Here are some tips on starting a crime watch group in your neighborhood, from Fairfax County Police Officer Philip Edwards and from the National Crime Prevention Council's Web site:

* Meet with neighbors to explain the watch concepts, and to discuss crime problems in the community and possible goals for a Watch program.

* Contact your local police station or sheriff's office or another crime prevention organization to let it know you would like to set up a program.

* Set up a time for an officer to come to a neighborhood meeting; publicize it throughout the neighborhood.

* Hold an informational meeting with the officer to learn more about Neighborhood Watch.

* Hold another meeting at which a coordinator and block captains are designated. Decide what types of activities the group will engage in (patrolling the neighborhood, using an engraver, posting signs and stickers) and how the group will communicate (listserv, newsletter, phone tree).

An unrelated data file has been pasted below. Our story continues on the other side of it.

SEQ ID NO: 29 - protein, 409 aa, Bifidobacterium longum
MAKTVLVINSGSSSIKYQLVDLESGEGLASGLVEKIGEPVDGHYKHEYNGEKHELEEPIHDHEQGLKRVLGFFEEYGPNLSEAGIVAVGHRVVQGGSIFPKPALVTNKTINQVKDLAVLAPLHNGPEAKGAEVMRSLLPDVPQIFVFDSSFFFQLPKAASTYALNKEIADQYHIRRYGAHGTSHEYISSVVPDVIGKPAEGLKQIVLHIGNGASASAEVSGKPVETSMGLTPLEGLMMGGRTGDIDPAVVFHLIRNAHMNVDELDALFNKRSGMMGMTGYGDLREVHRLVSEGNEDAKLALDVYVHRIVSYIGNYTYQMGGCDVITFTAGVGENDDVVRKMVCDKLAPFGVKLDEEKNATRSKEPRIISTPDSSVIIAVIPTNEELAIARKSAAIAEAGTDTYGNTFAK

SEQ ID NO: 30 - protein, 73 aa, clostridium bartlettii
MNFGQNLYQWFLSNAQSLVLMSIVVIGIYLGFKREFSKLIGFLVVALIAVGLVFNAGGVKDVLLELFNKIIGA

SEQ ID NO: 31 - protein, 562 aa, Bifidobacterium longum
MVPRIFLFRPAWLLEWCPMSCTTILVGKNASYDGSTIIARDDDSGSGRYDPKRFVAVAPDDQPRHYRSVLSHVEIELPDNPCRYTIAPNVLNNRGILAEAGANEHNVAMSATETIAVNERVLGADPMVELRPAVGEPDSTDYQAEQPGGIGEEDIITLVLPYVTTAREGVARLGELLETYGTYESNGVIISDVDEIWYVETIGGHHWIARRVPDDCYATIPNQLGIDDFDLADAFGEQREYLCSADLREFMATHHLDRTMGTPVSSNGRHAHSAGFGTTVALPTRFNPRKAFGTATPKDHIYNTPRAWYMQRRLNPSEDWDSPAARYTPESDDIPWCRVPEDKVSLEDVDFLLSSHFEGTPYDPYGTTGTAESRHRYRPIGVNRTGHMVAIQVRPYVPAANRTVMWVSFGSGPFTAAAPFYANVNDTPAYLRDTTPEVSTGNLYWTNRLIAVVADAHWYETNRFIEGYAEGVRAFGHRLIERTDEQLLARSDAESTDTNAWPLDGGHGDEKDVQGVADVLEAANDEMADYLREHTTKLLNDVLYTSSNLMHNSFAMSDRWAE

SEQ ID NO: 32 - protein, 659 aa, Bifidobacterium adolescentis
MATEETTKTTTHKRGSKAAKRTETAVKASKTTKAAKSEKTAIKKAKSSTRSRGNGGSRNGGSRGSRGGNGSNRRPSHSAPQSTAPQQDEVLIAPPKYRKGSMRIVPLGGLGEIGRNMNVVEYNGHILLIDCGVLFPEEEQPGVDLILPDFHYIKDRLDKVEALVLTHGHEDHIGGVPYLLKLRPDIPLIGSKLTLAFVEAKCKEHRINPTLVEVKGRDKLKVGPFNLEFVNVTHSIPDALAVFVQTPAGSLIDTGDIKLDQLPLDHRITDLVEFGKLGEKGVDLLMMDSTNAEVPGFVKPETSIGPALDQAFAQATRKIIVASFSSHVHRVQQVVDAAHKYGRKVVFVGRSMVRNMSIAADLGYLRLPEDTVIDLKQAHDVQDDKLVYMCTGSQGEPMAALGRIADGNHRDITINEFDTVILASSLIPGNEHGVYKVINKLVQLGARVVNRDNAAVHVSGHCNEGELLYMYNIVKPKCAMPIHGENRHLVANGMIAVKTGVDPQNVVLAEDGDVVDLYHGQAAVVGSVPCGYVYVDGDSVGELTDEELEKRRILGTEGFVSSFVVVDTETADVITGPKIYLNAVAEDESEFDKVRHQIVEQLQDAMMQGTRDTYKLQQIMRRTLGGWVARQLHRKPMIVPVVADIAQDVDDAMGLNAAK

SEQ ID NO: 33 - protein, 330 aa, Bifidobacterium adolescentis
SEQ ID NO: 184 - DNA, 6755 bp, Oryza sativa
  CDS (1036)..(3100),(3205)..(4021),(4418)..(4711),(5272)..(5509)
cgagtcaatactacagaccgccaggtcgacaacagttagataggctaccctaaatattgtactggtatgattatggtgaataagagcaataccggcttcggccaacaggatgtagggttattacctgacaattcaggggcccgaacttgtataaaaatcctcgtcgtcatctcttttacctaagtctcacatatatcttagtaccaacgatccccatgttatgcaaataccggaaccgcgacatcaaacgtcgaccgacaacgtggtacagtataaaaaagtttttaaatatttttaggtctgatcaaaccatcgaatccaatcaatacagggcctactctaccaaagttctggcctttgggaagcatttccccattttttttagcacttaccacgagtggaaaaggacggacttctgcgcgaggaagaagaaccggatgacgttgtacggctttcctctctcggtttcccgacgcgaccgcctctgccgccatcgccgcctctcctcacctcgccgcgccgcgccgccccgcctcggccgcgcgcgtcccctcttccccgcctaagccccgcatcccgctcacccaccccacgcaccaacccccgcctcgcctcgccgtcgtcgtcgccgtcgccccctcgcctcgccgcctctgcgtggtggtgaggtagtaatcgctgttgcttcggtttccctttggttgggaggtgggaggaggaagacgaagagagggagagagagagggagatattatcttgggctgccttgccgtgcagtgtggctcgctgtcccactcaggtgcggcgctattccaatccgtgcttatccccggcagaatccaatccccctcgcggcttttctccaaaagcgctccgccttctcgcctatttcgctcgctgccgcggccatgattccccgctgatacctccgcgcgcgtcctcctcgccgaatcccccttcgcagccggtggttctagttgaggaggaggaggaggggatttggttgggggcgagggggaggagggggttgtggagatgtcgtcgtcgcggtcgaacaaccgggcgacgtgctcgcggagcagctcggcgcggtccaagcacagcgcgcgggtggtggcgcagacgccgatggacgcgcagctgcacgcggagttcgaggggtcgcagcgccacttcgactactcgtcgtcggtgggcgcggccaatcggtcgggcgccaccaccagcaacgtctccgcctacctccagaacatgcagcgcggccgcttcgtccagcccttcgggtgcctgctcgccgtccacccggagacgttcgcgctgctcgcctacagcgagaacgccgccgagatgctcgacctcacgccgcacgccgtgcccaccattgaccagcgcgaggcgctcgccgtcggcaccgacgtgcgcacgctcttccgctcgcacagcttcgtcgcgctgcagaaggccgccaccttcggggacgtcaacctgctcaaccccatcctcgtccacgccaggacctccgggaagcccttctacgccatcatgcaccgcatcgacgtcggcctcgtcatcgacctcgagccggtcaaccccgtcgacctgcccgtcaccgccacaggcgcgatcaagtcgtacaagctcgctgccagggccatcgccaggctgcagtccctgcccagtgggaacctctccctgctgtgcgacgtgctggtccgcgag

* Arrange for a crime prevention officer to conduct a training session for residents in which he provides guidance for making homes more difficult targets, observing unusual behavior in the neighborhood and reporting information to law enforcement.

* Inquire about eligibility requirements for Neighborhood Watch signs or stickers. Post them if you receive them.

* Maintain frequent contact with law enforcement by phone, e-mail and periodic training.